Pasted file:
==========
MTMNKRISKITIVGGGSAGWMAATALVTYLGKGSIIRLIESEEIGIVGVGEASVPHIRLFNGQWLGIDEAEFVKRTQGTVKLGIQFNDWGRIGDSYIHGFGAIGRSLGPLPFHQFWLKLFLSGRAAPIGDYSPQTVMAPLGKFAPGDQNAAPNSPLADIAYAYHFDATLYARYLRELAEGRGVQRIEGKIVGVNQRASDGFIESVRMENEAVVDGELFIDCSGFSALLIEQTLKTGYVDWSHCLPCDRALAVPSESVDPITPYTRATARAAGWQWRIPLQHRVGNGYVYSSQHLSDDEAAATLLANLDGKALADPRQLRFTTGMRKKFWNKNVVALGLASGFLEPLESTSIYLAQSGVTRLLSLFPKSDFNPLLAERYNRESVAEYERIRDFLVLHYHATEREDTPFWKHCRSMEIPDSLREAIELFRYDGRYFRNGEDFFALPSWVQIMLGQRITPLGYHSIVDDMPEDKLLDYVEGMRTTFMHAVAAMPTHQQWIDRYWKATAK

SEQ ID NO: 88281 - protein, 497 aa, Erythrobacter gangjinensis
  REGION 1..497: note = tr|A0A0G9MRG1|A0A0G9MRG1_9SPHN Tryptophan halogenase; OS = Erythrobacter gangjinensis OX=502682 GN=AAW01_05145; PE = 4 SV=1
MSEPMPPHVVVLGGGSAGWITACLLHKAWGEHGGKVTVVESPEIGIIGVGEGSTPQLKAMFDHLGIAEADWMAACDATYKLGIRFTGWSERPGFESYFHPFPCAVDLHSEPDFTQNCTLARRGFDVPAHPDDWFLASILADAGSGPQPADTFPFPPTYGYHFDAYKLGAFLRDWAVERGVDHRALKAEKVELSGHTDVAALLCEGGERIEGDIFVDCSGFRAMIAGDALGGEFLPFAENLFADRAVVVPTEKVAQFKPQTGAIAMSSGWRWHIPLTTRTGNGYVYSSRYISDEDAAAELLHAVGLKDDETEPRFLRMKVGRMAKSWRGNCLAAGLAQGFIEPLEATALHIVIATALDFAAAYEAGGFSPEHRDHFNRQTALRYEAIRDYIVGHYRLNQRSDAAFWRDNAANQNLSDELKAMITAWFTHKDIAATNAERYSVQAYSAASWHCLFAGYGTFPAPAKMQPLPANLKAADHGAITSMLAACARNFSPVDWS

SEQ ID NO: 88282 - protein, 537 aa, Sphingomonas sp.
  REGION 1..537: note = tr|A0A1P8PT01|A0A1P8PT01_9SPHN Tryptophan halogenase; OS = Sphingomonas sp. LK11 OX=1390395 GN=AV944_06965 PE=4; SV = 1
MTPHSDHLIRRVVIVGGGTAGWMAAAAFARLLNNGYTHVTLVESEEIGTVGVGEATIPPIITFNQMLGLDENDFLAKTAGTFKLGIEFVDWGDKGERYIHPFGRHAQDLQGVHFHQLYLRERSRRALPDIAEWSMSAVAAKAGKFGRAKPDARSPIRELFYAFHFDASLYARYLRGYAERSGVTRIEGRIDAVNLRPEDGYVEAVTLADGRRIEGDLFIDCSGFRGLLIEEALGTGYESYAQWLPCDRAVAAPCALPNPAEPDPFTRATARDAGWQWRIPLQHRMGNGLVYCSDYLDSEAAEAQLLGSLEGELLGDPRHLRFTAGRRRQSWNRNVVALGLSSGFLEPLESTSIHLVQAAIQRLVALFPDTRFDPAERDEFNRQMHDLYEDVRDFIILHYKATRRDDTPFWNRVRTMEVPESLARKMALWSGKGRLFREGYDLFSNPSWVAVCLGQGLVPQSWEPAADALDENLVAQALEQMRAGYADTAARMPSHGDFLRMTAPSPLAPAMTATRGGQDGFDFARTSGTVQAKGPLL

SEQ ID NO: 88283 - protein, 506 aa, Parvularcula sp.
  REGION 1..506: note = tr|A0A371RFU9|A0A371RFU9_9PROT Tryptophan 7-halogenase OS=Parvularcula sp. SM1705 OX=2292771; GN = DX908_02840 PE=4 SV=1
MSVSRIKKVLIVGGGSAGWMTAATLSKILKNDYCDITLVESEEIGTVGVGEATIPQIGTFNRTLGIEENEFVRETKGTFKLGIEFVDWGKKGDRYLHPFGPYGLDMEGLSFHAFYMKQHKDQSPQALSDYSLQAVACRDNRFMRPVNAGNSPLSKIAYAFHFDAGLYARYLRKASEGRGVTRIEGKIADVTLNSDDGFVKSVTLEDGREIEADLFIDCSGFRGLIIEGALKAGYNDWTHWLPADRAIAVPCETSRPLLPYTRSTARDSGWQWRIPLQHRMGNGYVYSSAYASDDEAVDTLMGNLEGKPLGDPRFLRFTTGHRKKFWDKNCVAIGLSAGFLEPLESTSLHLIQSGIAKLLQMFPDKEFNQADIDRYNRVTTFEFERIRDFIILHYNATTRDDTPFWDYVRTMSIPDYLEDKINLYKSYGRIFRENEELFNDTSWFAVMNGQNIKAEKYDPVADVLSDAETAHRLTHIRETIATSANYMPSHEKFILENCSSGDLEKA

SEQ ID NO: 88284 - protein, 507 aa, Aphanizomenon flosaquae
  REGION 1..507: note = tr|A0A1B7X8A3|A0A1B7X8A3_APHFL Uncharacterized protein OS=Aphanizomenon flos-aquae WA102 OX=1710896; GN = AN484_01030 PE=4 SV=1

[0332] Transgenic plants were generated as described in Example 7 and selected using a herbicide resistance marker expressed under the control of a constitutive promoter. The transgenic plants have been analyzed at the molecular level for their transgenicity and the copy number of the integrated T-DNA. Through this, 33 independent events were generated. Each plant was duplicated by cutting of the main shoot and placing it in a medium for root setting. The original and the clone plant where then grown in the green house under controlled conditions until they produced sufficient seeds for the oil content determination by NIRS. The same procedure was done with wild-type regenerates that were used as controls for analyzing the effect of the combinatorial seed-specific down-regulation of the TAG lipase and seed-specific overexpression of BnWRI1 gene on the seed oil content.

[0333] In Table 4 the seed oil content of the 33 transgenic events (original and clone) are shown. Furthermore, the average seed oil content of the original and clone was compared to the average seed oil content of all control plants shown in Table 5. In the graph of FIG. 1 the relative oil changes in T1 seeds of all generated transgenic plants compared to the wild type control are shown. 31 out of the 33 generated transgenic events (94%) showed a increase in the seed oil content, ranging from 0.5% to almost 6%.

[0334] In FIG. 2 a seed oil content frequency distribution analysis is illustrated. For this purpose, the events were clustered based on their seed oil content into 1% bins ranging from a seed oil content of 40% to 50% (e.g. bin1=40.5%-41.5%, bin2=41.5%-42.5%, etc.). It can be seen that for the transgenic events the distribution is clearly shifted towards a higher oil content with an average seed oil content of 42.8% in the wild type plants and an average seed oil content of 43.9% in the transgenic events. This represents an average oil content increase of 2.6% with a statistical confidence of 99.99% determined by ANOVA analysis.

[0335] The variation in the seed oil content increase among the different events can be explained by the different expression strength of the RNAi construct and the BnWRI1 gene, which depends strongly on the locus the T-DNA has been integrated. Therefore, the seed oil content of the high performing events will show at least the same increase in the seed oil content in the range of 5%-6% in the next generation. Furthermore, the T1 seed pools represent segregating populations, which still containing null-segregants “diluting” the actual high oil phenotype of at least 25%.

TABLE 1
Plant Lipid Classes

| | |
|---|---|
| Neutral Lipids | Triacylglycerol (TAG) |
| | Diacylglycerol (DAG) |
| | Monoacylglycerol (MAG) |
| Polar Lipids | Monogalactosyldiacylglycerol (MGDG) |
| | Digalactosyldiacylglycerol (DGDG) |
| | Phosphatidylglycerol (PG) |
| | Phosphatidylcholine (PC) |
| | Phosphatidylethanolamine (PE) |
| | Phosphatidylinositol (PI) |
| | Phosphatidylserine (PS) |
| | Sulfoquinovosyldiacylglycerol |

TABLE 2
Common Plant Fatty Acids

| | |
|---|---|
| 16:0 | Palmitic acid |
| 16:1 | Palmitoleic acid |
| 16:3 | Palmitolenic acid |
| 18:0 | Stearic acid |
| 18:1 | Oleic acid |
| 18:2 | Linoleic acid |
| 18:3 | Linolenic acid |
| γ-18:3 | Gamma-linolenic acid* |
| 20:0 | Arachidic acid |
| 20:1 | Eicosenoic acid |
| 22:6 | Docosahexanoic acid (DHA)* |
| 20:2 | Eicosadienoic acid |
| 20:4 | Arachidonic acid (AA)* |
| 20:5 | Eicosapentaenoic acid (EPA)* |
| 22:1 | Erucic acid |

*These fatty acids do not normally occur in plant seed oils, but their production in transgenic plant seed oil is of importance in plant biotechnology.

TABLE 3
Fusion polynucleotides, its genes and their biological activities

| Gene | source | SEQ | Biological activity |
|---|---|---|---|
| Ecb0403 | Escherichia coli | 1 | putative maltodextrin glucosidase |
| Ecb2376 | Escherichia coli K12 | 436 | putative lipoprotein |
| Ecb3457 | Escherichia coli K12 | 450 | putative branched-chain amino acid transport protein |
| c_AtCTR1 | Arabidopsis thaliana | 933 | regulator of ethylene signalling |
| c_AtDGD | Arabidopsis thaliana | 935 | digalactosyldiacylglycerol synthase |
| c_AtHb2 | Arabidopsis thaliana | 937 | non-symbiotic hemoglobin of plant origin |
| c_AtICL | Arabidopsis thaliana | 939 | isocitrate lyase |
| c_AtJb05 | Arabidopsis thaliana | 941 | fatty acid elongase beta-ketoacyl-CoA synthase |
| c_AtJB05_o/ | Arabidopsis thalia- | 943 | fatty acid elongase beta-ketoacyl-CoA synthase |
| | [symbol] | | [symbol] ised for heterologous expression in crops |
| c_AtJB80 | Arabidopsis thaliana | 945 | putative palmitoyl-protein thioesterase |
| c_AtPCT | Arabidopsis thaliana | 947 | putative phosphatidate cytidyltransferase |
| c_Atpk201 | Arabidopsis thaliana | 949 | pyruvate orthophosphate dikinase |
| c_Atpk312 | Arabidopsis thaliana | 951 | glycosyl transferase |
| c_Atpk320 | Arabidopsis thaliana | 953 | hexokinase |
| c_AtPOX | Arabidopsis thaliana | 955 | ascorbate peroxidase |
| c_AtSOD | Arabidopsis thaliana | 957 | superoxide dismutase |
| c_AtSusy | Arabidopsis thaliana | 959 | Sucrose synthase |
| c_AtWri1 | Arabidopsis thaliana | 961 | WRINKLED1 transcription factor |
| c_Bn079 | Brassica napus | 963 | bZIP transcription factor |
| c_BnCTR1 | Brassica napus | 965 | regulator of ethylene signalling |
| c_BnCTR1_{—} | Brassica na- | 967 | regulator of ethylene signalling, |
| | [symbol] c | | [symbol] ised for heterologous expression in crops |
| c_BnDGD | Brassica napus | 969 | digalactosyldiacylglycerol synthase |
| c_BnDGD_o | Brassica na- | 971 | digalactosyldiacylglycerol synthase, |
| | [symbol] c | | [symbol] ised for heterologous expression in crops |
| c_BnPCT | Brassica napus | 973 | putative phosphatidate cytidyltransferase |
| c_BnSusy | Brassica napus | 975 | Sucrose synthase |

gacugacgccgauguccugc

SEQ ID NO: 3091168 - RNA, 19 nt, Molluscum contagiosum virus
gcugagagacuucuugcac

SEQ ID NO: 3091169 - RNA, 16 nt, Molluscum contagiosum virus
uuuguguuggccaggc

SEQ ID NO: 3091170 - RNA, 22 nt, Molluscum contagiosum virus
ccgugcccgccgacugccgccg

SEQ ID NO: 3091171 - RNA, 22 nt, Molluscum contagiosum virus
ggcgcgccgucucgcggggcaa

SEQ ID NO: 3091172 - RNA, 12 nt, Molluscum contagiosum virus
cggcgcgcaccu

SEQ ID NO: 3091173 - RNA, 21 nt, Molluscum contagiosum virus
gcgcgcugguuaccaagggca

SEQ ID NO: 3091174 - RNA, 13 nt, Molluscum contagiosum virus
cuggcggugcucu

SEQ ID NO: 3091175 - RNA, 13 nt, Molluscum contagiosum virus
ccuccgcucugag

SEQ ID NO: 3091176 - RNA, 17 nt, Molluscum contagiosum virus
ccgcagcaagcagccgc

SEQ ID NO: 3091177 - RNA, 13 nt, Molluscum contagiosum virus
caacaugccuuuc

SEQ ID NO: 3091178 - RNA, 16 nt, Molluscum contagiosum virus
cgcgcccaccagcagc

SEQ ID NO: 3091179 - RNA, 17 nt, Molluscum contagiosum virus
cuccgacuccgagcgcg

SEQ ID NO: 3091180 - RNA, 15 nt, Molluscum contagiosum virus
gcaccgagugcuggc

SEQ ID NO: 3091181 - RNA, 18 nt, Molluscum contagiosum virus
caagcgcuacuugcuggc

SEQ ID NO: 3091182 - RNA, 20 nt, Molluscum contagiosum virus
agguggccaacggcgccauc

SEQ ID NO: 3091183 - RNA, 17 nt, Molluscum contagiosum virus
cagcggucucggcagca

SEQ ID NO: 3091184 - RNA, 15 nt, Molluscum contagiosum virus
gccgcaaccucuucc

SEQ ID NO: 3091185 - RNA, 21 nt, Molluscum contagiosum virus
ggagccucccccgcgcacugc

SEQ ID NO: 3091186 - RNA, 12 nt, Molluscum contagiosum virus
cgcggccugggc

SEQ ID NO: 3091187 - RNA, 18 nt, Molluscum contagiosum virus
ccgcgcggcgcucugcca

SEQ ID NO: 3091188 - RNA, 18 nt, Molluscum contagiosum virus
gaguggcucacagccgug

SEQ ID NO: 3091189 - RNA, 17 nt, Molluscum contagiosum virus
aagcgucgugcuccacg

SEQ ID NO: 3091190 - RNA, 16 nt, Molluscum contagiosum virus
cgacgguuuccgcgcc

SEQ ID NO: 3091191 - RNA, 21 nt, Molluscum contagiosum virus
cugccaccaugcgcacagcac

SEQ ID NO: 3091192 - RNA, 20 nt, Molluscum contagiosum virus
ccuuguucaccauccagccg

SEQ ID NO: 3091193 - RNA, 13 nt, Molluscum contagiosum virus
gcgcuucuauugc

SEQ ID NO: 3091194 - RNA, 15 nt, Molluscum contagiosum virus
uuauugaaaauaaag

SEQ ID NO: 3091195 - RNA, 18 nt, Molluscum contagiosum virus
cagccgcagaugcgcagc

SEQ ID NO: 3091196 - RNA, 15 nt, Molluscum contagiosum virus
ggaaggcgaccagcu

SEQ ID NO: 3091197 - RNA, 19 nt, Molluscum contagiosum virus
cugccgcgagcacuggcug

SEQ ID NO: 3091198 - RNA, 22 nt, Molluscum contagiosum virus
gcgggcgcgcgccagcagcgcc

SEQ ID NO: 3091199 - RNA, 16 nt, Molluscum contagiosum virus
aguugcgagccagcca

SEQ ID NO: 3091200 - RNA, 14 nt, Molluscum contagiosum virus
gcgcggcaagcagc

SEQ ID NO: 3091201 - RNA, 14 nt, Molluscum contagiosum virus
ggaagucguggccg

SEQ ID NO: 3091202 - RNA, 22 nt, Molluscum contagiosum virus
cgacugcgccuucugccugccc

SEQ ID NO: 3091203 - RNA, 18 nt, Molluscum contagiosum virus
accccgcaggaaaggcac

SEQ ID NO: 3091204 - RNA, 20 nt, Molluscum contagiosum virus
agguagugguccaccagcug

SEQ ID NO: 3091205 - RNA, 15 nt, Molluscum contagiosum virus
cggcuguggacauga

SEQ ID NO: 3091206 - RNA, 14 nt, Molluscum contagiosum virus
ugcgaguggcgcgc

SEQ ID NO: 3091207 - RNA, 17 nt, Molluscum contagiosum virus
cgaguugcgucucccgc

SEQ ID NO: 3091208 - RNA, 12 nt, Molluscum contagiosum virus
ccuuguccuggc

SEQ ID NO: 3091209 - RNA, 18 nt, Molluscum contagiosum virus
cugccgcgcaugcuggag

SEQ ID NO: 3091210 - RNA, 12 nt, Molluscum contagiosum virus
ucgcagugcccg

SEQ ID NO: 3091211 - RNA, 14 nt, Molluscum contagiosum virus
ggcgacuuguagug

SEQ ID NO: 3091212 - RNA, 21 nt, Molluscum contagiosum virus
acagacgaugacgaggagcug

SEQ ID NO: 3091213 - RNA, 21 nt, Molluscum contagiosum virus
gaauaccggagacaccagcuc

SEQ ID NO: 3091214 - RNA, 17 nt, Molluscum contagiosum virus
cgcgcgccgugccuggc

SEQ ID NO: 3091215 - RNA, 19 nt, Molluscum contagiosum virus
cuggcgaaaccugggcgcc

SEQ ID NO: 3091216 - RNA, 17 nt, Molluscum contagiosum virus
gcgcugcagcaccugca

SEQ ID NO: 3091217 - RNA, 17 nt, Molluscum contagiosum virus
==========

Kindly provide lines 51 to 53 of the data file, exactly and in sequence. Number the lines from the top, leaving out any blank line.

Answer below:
*These fatty acids do not normally occur in plant seed oils, but their production in transgenic plant seed oil is of importance in plant biotechnology.

TABLE 3
Fusion polynucleotides, its genes and their biological activities